Exam 3: Cellular Function (Cancer) Flashcards Preview

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Flashcards in Exam 3: Cellular Function (Cancer) Deck (93):
1

Incidence and death rates of cancer higher in what population? (2)

Higher in males than females
Higher in black people

2

Cancer with the highest incidence for women

Cancer with the highest death rate for women

Highest incidence = breast cancer

Highest death rate = lung cancer

3

Cancer with the highest incidence for men

Cancer with the highest death rate for men

Highest incidence = prostate cancer

Highest death rate = lung cancer

4

Another term for cancer

"Malignant neoplasms"

5

Metastasis definition

Cancer cells infiltrate lymph and blood vessels, which carry the mutant cells to other parts of the body.

6

Surface epithelial tumor:
Benign
Malignant

Benign: Papiloma
Malignant: Squamous Cell Cancer

7

Glandular epithelial cell tumor:
Benign
Malignant

Benign: Adenoma
Malignant Adenocarcinoma

8

Fibrous tumor:
Benign
Malignant

Benign: Fibroma
Malignant: Fibrosarcoma

9

Adipose tumor:
Benign
Malignant

Benign:Lipoma
Malignant: Liposarcoma

10

Cartilage tumor:
Benign
Malignant

Benign: Chondroma
Malignant Chondrosarcoma

11

Bone tumor:
Benign
Malignant

Benign: Osteoma
Malignant Ostemosarcoma

12

Blood vessel tumor:
Benign
Malignant

Benign: Hemagioma
Malignant: Hemagiosarcoma

13

Lymph Vessel tumor:
Benign
Malignant

Benign: Lymphangioma
Malignant Lymphangiosarcoma

14

Lymph tissue tumor
Benign
Malignant

Benign -----
Malignant: Lymphosarcoma

15

Nerve cell tumor:
Benign
Malignant

Benign: Neuroma
Malignant: Neuroblastoma

16

Glial tissue tumor:
Benign
Malignant

Benign: Glioma
Malignant: Glioblastoma

17

Tumor shape:
Benign
Malignant

Benign: Regular shape, cells are well-differentiated
Malignant: Irregular shape

18

Tumor spread to adjacent tissues:
Benign
Malignant

Benign: Non-invasive: Does not invade surrounding tissue
Malignant: Invasive: Invades surrounding tissue.

19

Tumor metastasis:
Benign
Malignant

Benign: Localized
Malignant: Metastasizes to distant sites

20

Tumor encapsulation:
Benign
Malignant

Benign: Encapsulated (usually by fibrous capsule)
Malignant: Not encapsulated

21

Tumor potential for growth:
Benign
Malignant

Benign: Decreased potential for growth
Malignant: Increased potential for growth

22

Tumor recurrence after surgical excision:
Benign
Malignant

Benign: Decreased recurrence
Malignant: Increased recurrence

23

Tumor as the cause of death:
Benign
Malignant

Benign: Doesn't usually cause death unless location interferes with vital function
Malignant: Usually causes death unless growth can be controlled

24

Three mechanisms of cancer spread:

1) Metastasis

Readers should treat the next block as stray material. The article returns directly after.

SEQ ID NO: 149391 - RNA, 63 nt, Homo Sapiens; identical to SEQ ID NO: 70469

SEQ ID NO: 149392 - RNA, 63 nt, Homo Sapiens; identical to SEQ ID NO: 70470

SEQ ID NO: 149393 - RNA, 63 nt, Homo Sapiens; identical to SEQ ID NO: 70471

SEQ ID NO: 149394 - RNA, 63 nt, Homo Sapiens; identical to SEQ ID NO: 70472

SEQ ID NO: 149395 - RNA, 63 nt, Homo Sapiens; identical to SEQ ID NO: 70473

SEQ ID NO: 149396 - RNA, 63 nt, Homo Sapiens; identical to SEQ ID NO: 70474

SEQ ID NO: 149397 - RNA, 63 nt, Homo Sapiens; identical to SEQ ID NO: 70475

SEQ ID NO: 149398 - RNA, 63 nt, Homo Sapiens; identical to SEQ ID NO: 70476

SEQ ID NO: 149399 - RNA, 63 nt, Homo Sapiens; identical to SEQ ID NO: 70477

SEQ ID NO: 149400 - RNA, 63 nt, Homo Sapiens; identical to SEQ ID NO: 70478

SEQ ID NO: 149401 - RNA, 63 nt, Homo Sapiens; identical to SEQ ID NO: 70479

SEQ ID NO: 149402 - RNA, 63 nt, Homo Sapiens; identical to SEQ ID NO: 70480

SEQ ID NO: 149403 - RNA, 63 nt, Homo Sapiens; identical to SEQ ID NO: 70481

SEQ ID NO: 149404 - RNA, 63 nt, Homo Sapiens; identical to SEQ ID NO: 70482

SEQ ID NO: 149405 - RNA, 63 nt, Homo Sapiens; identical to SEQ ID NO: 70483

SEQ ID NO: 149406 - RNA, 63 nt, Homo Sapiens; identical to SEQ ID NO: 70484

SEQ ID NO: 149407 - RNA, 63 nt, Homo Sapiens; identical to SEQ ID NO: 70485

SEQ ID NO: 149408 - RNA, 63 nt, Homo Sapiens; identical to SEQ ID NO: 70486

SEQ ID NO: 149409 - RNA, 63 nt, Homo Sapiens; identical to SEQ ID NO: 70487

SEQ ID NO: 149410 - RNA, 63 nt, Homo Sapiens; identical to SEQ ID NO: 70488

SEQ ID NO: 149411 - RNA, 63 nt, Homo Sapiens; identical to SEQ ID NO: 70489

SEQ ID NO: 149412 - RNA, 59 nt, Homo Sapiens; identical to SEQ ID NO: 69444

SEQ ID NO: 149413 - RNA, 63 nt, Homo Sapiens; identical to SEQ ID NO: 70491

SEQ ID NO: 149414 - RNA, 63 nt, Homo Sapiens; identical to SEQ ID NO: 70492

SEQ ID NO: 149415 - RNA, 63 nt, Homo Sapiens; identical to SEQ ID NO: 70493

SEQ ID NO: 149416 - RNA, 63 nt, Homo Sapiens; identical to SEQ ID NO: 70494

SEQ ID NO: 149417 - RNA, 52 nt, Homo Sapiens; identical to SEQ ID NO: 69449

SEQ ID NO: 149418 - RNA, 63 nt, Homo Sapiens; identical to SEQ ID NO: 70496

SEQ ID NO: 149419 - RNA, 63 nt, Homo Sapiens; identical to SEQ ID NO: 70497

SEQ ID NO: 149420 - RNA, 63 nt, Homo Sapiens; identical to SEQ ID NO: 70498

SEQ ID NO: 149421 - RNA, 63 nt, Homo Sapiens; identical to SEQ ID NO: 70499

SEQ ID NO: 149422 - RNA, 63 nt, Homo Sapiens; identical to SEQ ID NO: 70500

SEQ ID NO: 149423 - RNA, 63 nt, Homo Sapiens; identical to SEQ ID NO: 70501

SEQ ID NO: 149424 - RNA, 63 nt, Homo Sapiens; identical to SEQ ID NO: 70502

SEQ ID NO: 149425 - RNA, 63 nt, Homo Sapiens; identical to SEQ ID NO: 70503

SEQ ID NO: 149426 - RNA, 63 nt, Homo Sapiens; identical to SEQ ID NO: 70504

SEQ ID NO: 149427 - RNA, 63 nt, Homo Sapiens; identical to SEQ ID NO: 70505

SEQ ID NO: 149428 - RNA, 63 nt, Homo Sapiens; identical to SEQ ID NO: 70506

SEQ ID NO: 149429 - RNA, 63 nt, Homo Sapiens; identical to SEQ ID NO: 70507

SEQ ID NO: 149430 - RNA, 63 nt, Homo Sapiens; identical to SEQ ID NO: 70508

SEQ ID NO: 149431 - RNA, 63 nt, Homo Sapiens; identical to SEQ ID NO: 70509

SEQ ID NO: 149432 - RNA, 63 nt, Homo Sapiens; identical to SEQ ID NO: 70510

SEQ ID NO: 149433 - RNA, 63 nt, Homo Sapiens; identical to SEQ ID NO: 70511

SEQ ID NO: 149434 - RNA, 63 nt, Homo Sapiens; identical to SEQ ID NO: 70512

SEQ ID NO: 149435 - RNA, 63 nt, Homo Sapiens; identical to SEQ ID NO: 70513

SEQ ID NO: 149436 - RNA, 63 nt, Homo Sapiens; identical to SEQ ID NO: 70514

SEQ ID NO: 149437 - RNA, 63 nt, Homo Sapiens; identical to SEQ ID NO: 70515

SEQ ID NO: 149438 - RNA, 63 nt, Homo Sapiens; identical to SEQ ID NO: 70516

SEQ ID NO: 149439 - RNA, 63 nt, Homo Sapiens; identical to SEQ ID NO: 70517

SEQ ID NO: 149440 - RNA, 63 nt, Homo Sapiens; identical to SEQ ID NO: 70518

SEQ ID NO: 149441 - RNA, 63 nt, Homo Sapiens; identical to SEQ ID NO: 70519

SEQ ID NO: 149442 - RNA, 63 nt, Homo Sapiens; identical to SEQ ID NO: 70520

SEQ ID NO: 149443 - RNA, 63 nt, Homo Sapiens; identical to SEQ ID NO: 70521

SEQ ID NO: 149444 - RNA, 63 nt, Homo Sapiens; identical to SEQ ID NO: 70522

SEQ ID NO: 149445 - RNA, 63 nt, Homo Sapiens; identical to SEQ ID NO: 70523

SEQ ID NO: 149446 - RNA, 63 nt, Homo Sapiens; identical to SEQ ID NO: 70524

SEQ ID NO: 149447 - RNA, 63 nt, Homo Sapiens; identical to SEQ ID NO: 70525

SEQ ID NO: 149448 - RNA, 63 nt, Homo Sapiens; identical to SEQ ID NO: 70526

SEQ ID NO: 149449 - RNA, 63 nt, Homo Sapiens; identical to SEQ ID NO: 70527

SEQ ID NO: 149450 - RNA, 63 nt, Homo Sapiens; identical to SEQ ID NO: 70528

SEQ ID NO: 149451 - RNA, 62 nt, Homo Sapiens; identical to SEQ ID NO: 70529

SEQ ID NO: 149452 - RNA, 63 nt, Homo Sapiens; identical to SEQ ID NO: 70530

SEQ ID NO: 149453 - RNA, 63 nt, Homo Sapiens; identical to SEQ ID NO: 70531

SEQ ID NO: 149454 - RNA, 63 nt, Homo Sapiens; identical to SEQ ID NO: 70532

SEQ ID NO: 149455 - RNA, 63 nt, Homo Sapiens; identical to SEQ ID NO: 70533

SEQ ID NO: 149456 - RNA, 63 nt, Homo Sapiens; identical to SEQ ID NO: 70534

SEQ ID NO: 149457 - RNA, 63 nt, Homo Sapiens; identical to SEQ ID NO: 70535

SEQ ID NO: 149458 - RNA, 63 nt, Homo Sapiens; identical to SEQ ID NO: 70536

2) Invasion
3) Seed

25

4 Risk categories for cancer

1) Environmental
2) Genetic / familial
3) Hormonal agents
4) Age

26

___% of cancer cases are idiopathic

40%

27

25% of all cancer deaths...

are associated with ONE chemical in cigarettes!

28

Two genes that increase the risk of ovarian cancer

Broncho1
Broncho2

29

What family history should you take when looking at cancer

Immediate relatives (parents, siblings)

30

Three factors that correlate with a higher incidence of breast cancer

• Early onset menses
• Late menopause
• Have never given birth

31

Recommended fruit and vegetable intake

5-9 per day

32

Standard guidelines to detect/screen BREAST CANCER (2)

- Mammogram q 2 years
- Clinical breast exam:
q 4 years 20-39
q 1 year age 40+

33

Standard guidelines to detect/screen COLON AND RECTAL CANCER (2)

If 50 years or older:
Yearly fecal occult blood test and one of the following:
- Sigmoidoscopy every 5 years OR
- Colonoscopy every 10 years

34

Standard guidelines to detect/screen PROSTATE CANCER (2)

- Yearly digital rectal exam
- PSA as needed

35

Standard guidelines to detect/screen CERVICAL CANCER

- Yearly GYN exam
- PAP test yearly 21+ (earlier if sexually active) -- q 3 years after 3 or more negative PAPs

36

Five general cancer symptoms (Greenfield)

- Unexplained weight loss
- Unexplained fever
- Fatigue
- Pain
- Skin clues

37

Seven common cancer symptoms (American Cancer Society)

1) Change in bowel / bladder function
2) Sores that do not heal
3) Unusual bleeding or discharge
4) Thickening, lump
5) Indigestion or difficulty swallowing
6) Recent change or difficulty swallowing
7) Nagging cough or hoarseness

38

How do tumor markers work?

The higher the number, the greater the likelihood of cancer -- not definitive. Often used to determine treatment efficacy

39

Tumor markers:
- Prostate

PSA

40

Tumor markers:
- Ca 125

Ovarian cancer

41

Tumor markers:
- Ca 15-3

Breast cancer

42

Tumor markers:
- Ca 19-9

Pancreas, liver

43

Tumor markers:
- Alpha-fetoprotein

Hepatic, testicular

44

Computed Tomography: Mechanism

Very narrow beam of x-ray in successive layers

45

What test would be given before an MRI? Why?

CT Scan, shorter duration

46